On ‘Time In The Sun,’ Susto’s Justin Osborne Explores the Circle of Life

Susto press photograph
Justin Osborne, AKA Susto | Credit: J August, courtesy of the artist (cropped)
Listen to Justin Osborne talk about Time in the Sun

After nearly a decade of crafting introspective songs as Susto, Justin Osborne wrote his most personal record to date. On 2021’s Time in the Sun, the Charleston, South-Carolina-bred singer-songwriter and guitarist unpacks, at times, contradictory ideas of hope and despair.

Time in the Sun was written during the early onset of what has become into an open-ended global pandemic. And while universal themes, like the inner-conflict of uncertainty, permeate the record, Time in the Sun also includes Osborne’s own personal reflections on the circle of life after a year in which he both lost his father and became a dad himself. 

Osborne and his band perform as Susto on Sunday, February 5th at Intuition Ale Works. We recently talked to him about the new record for our latest installment of Liner Notes. 

Listen to the segment above. Full transcript of the interview below. 

Hi Justin, thanks for being here.    

Hey Matt, thanks so much for having me, man. It’s a pleasure to be here with you.

So Time in the Sun is the follow-up to Ever Since I Lost My Mind. It’s been described as a deeply personal record. And I know there were some big, life changing moments – both sad and joyful – that you faced in the two years between records. Can you talk about any ways that those circle-of-life experiences – specifically losing your father and becoming a dad – influenced the writing of this record?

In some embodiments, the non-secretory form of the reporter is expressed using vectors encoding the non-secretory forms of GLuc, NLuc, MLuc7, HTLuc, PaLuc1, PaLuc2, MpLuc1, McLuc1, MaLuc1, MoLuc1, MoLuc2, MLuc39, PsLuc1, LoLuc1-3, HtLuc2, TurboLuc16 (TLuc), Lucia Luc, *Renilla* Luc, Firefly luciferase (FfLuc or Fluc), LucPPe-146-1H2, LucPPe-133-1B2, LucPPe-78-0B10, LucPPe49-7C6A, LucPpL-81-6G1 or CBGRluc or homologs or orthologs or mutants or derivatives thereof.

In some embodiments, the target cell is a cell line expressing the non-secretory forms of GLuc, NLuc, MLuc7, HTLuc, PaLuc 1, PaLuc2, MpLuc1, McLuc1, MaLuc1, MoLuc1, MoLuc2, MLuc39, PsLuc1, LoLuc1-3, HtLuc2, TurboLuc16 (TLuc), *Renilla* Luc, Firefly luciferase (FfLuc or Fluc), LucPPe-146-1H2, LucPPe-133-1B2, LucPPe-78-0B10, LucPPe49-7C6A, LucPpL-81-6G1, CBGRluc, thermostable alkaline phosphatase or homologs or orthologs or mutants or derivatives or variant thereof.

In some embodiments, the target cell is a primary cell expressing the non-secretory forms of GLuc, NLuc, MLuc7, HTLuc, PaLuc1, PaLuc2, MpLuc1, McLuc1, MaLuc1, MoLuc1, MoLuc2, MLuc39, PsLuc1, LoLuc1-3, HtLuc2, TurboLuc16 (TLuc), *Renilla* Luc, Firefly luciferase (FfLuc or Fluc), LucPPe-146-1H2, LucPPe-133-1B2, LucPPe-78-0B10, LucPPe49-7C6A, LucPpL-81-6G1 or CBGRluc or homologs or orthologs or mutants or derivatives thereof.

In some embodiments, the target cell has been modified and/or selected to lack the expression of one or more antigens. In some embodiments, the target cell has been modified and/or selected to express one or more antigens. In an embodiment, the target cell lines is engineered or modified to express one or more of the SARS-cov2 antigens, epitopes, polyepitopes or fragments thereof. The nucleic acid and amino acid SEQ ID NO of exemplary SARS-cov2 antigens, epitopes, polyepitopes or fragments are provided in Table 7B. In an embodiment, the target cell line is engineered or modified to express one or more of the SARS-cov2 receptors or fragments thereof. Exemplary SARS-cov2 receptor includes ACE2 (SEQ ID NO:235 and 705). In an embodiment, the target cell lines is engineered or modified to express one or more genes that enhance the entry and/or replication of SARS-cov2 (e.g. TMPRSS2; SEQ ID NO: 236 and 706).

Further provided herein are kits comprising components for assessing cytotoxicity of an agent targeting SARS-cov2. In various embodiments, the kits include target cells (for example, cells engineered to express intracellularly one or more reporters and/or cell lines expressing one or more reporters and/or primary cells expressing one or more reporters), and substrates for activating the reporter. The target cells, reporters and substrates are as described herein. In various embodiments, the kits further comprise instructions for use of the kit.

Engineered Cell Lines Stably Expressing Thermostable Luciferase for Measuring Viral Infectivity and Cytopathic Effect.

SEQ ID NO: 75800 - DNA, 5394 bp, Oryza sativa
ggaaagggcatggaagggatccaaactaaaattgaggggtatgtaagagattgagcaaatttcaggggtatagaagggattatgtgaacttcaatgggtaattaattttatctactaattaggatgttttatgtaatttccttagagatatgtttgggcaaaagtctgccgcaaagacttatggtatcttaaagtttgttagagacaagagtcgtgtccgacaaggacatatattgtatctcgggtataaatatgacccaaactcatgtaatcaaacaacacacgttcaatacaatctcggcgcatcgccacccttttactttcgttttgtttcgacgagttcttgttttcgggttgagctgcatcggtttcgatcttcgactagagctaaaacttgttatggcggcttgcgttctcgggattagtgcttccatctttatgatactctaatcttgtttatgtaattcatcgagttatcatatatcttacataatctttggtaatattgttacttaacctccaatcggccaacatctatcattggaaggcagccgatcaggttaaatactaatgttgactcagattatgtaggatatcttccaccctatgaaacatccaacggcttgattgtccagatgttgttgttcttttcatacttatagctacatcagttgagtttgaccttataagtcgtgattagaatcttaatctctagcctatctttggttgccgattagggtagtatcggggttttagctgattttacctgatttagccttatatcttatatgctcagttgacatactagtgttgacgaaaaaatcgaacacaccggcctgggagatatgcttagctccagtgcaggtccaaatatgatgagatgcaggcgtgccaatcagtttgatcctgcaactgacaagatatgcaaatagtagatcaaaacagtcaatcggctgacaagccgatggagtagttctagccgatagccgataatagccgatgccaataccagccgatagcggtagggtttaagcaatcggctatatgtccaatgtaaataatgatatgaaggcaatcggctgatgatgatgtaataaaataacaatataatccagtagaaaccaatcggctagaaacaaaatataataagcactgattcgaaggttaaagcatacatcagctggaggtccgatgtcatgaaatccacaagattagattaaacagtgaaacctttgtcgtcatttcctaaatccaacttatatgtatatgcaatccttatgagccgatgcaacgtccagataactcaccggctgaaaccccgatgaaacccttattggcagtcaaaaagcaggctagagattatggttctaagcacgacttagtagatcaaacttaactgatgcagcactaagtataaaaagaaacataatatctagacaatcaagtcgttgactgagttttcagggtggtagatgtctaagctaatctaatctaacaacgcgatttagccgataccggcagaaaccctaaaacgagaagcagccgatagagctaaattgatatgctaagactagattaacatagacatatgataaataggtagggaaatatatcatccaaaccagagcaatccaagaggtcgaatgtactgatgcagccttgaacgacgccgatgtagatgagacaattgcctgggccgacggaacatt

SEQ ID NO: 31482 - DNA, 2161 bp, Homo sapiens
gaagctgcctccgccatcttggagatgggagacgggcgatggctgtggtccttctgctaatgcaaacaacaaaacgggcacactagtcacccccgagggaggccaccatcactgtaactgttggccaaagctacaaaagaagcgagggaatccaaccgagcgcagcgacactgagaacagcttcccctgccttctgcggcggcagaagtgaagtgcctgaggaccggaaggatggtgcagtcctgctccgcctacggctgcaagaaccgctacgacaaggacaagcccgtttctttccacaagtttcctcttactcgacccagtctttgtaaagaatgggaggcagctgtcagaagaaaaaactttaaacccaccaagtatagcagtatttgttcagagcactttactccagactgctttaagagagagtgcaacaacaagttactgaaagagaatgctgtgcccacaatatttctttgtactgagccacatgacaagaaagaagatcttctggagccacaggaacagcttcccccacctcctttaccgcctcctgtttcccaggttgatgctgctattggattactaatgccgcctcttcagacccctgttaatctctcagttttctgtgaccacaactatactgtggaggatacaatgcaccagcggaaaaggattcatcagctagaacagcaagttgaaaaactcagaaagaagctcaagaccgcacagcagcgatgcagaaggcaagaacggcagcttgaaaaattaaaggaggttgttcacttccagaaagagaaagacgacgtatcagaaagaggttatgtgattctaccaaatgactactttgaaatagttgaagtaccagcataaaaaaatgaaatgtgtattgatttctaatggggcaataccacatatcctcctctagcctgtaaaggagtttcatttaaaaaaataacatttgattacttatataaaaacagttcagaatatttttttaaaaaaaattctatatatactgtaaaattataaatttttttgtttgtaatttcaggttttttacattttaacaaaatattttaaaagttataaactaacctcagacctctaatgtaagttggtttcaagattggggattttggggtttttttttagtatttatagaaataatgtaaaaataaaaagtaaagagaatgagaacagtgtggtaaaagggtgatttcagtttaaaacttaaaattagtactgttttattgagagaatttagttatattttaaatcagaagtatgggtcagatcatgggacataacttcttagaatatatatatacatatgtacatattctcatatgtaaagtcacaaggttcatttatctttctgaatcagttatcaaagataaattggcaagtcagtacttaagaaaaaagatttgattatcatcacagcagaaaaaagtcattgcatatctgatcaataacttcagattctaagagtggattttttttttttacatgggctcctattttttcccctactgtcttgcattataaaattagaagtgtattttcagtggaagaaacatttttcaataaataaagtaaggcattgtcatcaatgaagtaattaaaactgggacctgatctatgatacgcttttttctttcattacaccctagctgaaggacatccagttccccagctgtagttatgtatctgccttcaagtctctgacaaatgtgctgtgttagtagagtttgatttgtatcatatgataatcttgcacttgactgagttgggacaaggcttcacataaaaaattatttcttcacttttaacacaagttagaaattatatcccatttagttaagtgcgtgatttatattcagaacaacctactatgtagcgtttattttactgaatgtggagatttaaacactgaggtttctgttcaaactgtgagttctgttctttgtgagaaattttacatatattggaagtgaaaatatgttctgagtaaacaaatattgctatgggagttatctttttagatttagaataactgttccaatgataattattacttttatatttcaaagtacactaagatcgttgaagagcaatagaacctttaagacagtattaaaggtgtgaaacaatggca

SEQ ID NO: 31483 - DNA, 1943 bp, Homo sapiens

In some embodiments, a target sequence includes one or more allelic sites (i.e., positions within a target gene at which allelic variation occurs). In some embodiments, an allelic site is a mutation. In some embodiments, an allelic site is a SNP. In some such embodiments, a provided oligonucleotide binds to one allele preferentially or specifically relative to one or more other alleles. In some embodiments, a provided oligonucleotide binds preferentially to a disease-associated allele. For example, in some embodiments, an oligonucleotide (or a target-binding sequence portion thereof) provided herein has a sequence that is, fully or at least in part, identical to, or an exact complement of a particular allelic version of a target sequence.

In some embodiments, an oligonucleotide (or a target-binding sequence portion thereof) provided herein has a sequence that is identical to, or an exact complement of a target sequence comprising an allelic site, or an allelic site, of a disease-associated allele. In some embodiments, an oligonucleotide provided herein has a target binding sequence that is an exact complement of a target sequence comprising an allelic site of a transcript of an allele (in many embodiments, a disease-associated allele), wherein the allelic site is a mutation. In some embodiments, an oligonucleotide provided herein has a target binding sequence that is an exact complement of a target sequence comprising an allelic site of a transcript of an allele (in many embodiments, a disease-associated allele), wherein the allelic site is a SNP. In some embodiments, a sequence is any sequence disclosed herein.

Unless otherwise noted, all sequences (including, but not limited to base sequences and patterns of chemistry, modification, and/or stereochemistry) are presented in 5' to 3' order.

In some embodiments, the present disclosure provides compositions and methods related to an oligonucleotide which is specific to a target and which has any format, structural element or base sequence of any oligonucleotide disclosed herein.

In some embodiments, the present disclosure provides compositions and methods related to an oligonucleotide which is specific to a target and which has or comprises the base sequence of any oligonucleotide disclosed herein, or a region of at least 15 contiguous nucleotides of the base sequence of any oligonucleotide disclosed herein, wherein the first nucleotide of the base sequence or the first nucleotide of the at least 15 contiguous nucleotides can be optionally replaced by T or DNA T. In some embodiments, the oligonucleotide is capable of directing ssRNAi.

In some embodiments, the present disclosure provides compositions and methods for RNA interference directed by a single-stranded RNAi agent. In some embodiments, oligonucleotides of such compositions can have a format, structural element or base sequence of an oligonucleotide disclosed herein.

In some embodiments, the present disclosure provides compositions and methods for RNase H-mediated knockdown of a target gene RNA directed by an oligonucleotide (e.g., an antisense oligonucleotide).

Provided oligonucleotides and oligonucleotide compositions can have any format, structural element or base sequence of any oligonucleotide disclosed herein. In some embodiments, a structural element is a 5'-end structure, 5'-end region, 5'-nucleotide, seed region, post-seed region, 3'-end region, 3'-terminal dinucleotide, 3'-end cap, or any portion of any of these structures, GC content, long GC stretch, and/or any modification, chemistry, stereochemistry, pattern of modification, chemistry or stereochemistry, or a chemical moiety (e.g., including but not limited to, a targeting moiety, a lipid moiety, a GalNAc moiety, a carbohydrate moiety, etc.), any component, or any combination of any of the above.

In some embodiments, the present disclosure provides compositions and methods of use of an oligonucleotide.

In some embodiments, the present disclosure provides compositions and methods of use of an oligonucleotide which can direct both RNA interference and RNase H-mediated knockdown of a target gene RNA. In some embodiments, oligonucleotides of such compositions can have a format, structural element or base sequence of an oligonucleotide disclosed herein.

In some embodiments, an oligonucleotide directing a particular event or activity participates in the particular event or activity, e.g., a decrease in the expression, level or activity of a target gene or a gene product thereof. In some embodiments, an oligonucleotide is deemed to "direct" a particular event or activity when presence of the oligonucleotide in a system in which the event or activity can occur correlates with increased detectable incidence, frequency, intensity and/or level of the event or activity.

Yeah, my third record, Ever Since I Lost My Mind, was me dealing a lot with just being on the road because that was kind of what that record was being written about, which is a lot of traveling and being away from the people you care about. But then the pandemic kind of hit, you know, in early 2020. And we had just begun to work on Time in the Sun, and I had recently become a dad in June, 2019. And then kind of early on in the Pandemic around May of 2020, my own father passed away. And so I was just kind of like, I had these new, really big life experiences that were very much things that I was processing just as a human being, but also were showing up in my songwriting. I was dealing with the loss of a parent, and my dad and I were pretty close. Then also the new responsibility and all the things you wanna say to a new child, you know, but you can’t say. I mean, my daughter’s three and a half now, but even, you know, when she was really young, I had so much I wanted to tell her and I couldn’t. So I started writing. And so I think those two things and kind of finding myself in the middle, I was almost equally like, I’m almost exactly 35-years older than my daughter and almost exactly 35-years younger than my dad. So it’s like being in that place in my early- to mid-thirties with the writing of the record and it coming out very stark. It was very obvious that I was kind of in the middle of my life there.